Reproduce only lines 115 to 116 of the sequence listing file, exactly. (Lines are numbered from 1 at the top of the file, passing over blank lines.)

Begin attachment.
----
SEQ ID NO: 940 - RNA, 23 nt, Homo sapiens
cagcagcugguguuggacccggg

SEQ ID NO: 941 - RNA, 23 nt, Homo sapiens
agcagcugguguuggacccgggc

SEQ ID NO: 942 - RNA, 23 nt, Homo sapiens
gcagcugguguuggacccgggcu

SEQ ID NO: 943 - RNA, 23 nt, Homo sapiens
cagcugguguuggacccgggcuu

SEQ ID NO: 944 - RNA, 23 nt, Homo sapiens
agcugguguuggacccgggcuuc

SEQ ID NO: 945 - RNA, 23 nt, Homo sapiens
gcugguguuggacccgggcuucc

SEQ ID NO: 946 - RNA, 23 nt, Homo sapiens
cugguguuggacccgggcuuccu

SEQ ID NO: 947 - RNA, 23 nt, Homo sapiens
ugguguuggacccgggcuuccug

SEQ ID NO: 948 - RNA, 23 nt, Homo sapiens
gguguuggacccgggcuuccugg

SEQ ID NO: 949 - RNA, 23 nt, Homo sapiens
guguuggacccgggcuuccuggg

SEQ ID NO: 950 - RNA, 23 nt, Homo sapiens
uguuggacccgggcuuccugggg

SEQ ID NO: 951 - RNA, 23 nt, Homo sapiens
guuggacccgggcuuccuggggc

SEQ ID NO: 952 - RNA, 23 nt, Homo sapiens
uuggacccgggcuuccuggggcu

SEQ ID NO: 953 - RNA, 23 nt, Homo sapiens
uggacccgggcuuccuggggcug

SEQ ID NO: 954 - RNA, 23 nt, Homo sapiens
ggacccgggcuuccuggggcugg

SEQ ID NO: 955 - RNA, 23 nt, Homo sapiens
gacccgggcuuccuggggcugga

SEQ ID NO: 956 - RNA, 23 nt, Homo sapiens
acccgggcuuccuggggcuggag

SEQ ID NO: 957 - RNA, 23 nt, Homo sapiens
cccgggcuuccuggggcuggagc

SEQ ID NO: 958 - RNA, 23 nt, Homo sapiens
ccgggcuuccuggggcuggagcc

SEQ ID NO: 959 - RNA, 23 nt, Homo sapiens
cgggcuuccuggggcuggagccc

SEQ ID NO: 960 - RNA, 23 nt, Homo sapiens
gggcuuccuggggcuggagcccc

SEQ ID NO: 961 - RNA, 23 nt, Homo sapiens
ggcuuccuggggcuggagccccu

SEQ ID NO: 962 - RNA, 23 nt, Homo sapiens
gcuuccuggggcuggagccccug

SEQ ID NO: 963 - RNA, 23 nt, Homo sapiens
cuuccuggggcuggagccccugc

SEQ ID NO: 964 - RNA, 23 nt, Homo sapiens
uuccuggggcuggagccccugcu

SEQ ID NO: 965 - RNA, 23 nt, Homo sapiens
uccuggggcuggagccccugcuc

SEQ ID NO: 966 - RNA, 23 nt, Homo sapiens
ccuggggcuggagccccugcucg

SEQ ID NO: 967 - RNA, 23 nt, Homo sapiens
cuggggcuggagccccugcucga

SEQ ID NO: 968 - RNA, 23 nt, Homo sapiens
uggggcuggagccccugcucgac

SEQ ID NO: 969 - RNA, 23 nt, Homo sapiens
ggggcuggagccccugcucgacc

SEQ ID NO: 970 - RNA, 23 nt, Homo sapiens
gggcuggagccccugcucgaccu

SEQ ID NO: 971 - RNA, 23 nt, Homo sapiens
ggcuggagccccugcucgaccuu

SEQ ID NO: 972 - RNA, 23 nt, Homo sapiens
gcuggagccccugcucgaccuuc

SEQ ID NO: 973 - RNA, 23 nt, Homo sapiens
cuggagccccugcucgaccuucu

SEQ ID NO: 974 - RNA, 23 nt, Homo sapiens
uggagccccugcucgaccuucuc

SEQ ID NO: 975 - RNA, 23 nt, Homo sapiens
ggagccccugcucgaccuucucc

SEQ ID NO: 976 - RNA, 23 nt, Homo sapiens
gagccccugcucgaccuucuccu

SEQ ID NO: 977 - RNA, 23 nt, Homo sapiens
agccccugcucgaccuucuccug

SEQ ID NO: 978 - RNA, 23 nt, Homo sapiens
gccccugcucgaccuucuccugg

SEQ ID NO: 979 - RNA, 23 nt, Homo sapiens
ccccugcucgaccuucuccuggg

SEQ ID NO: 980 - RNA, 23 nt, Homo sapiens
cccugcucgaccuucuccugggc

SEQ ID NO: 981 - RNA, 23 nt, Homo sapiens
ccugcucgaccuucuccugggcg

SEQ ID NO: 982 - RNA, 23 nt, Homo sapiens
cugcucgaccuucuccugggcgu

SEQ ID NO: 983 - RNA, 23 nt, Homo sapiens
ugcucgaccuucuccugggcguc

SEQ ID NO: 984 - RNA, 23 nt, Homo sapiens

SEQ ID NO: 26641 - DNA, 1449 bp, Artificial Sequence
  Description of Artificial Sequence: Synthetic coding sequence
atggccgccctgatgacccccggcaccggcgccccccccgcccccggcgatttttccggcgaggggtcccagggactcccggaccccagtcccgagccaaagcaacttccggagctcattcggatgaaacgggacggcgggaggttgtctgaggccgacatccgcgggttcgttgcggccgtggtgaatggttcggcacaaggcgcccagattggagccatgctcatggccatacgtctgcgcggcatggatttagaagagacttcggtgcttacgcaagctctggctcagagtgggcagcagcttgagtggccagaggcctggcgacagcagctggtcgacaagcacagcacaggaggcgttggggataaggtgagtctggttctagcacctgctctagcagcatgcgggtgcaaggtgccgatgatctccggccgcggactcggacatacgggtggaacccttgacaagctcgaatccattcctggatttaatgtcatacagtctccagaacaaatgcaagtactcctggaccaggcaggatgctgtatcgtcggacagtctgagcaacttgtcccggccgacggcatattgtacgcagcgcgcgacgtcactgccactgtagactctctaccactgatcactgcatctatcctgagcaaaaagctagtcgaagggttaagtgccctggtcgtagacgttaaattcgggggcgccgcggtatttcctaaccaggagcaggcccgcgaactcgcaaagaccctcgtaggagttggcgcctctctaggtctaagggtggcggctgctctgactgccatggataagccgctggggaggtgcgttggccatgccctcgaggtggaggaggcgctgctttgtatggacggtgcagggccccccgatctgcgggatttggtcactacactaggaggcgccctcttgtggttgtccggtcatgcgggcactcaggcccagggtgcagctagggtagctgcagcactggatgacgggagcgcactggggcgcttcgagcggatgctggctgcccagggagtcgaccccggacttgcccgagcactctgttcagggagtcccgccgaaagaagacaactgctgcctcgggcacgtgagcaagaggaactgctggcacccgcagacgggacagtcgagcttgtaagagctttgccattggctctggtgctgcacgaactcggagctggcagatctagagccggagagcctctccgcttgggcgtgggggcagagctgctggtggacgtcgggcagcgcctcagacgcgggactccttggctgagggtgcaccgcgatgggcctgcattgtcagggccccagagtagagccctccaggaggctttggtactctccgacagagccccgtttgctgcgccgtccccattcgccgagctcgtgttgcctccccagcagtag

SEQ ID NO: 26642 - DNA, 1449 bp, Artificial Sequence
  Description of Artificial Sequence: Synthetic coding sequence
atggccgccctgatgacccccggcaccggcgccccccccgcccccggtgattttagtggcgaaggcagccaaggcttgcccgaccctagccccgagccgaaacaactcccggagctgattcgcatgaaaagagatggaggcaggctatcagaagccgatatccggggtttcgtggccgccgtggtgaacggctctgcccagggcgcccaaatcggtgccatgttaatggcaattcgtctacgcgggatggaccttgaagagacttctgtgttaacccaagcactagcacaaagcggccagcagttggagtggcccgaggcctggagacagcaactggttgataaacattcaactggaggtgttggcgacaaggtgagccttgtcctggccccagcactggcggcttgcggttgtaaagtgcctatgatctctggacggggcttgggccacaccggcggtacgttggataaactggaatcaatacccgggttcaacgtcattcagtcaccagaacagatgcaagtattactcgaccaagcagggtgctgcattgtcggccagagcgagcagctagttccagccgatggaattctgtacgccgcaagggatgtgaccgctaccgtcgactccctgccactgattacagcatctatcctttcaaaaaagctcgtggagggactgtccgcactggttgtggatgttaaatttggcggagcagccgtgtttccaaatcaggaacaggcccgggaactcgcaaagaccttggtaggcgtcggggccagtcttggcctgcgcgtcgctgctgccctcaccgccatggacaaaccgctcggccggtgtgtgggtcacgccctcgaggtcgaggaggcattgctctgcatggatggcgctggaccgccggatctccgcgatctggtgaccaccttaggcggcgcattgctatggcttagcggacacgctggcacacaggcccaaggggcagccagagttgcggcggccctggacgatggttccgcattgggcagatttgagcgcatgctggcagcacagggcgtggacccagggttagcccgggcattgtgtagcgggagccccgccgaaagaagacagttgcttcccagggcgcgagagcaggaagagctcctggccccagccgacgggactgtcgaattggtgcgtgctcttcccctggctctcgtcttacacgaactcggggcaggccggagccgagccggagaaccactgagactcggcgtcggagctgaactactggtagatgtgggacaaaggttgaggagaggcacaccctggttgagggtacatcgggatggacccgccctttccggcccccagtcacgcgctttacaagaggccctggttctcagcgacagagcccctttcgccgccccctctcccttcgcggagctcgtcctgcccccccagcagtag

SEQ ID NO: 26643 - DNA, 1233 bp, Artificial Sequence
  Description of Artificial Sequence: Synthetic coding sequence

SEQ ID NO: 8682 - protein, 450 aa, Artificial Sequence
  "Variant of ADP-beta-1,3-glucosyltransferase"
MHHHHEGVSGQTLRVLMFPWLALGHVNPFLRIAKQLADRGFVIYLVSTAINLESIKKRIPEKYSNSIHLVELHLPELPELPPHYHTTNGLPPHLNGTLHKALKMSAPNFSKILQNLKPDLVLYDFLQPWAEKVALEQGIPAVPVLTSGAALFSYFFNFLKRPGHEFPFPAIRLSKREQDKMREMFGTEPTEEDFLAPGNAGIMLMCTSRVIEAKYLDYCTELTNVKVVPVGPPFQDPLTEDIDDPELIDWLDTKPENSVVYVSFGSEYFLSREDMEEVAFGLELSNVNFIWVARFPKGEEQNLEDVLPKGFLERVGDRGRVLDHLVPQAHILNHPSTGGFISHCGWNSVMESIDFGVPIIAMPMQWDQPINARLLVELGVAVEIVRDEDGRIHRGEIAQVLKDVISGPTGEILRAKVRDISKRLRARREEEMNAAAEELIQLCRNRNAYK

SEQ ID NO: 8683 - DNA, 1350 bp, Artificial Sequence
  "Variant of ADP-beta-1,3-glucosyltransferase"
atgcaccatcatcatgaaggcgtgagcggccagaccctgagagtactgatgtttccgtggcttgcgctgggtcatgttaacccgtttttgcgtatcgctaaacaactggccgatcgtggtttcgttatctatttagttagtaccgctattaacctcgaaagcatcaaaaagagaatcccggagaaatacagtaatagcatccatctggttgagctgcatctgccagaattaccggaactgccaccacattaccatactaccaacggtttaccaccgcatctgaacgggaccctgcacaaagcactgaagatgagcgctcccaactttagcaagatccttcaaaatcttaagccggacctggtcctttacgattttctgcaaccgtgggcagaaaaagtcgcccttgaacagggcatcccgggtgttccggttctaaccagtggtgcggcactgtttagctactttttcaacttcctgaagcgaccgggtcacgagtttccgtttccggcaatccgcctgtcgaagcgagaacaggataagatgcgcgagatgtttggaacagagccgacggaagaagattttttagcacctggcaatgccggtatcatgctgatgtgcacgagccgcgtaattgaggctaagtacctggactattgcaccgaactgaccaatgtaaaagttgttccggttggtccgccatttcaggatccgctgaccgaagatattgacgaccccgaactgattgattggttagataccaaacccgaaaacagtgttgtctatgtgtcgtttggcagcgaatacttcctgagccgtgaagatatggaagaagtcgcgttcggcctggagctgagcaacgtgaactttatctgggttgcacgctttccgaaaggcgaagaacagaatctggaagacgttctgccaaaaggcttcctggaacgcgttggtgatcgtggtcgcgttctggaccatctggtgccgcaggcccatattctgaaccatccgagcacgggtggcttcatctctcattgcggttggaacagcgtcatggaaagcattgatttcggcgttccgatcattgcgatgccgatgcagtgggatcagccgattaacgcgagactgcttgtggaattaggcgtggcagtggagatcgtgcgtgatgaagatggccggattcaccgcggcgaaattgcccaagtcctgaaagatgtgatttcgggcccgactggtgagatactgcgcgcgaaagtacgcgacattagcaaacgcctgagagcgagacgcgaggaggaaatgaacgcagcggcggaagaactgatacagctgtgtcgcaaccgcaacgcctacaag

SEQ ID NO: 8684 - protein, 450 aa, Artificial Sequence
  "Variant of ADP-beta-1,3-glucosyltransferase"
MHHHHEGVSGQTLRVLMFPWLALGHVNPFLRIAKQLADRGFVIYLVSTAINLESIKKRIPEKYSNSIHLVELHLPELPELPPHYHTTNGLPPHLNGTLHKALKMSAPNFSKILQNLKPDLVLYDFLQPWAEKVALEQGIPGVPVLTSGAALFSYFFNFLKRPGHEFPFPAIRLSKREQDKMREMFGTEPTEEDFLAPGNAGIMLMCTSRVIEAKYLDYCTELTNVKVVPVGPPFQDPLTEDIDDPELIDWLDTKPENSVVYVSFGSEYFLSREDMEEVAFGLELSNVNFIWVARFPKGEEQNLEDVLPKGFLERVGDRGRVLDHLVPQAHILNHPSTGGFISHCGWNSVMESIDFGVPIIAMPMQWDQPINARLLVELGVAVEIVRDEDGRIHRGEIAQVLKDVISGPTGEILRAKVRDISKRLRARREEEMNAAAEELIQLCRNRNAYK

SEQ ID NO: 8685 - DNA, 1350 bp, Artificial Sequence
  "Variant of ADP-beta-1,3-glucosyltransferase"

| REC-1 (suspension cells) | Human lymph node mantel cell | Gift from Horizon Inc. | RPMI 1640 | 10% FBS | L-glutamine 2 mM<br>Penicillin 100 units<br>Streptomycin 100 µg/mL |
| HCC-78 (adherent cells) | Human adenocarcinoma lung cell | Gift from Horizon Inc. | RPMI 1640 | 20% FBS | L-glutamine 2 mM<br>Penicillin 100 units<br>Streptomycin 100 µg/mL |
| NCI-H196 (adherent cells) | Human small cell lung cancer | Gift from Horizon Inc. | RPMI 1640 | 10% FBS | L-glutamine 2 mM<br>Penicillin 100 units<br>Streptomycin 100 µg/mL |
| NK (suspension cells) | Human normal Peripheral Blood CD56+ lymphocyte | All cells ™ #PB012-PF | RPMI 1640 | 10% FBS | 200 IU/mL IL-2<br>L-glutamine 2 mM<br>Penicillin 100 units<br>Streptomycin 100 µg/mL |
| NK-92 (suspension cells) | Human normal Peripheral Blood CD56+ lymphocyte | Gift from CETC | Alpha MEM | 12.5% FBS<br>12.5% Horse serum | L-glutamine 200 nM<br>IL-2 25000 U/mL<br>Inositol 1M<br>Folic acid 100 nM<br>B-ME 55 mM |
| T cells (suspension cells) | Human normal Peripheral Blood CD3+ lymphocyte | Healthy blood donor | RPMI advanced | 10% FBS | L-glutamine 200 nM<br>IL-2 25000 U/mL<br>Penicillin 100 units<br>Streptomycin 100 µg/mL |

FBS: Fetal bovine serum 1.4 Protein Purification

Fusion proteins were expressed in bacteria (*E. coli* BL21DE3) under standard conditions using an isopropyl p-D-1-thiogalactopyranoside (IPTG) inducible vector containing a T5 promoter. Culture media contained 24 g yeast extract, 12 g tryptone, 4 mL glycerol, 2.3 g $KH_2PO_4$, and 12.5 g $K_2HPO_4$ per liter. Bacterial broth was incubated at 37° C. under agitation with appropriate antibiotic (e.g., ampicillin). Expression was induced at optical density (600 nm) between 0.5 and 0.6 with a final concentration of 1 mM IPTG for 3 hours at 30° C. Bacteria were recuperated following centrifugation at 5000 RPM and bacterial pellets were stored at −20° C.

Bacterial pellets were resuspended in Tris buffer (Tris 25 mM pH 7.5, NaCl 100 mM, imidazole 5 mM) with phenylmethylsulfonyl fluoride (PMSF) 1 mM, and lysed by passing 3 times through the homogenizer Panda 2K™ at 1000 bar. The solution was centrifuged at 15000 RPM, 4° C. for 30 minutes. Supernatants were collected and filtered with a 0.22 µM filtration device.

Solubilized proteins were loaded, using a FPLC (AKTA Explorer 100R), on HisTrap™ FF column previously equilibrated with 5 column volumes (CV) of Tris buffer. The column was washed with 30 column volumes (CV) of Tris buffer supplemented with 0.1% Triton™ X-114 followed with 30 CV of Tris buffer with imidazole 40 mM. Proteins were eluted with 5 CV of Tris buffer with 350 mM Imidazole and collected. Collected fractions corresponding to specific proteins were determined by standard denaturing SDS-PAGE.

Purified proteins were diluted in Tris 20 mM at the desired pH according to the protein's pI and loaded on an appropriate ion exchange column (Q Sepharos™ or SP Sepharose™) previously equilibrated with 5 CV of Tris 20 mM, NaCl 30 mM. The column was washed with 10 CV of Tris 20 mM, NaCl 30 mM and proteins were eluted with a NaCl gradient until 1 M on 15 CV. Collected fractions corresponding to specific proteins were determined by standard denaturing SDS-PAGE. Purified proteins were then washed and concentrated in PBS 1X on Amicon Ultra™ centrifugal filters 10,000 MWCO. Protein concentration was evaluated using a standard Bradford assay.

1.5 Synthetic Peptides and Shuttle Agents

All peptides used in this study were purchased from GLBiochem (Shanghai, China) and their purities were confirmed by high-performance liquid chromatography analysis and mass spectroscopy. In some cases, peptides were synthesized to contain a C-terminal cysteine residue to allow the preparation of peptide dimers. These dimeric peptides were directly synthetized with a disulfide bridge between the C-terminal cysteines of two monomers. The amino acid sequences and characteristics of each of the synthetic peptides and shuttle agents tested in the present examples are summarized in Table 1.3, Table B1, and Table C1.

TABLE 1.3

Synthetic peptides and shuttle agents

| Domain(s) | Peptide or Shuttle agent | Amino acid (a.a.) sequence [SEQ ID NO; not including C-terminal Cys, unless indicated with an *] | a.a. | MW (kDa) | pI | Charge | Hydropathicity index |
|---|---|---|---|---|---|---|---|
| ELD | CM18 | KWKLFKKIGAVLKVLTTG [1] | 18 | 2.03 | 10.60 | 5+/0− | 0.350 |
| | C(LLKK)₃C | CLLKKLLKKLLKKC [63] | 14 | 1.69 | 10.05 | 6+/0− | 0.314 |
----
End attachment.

FBS: Fetal bovine serum 1.4 Protein Purification

Fusion proteins were expressed in bacteria (*E. coli* BL21DE3) under standard conditions using an isopropyl p-D-1-thiogalactopyranoside (IPTG) inducible vector containing a T5 promoter. Culture media contained 24 g yeast extract, 12 g tryptone, 4 mL glycerol, 2.3 g $KH_2PO_4$, and 12.5 g $K_2HPO_4$ per liter. Bacterial broth was incubated at 37° C. under agitation with appropriate antibiotic (e.g., ampicillin). Expression was induced at optical density (600 nm) between 0.5 and 0.6 with a final concentration of 1 mM IPTG for 3 hours at 30° C. Bacteria were recuperated following centrifugation at 5000 RPM and bacterial pellets were stored at −20° C.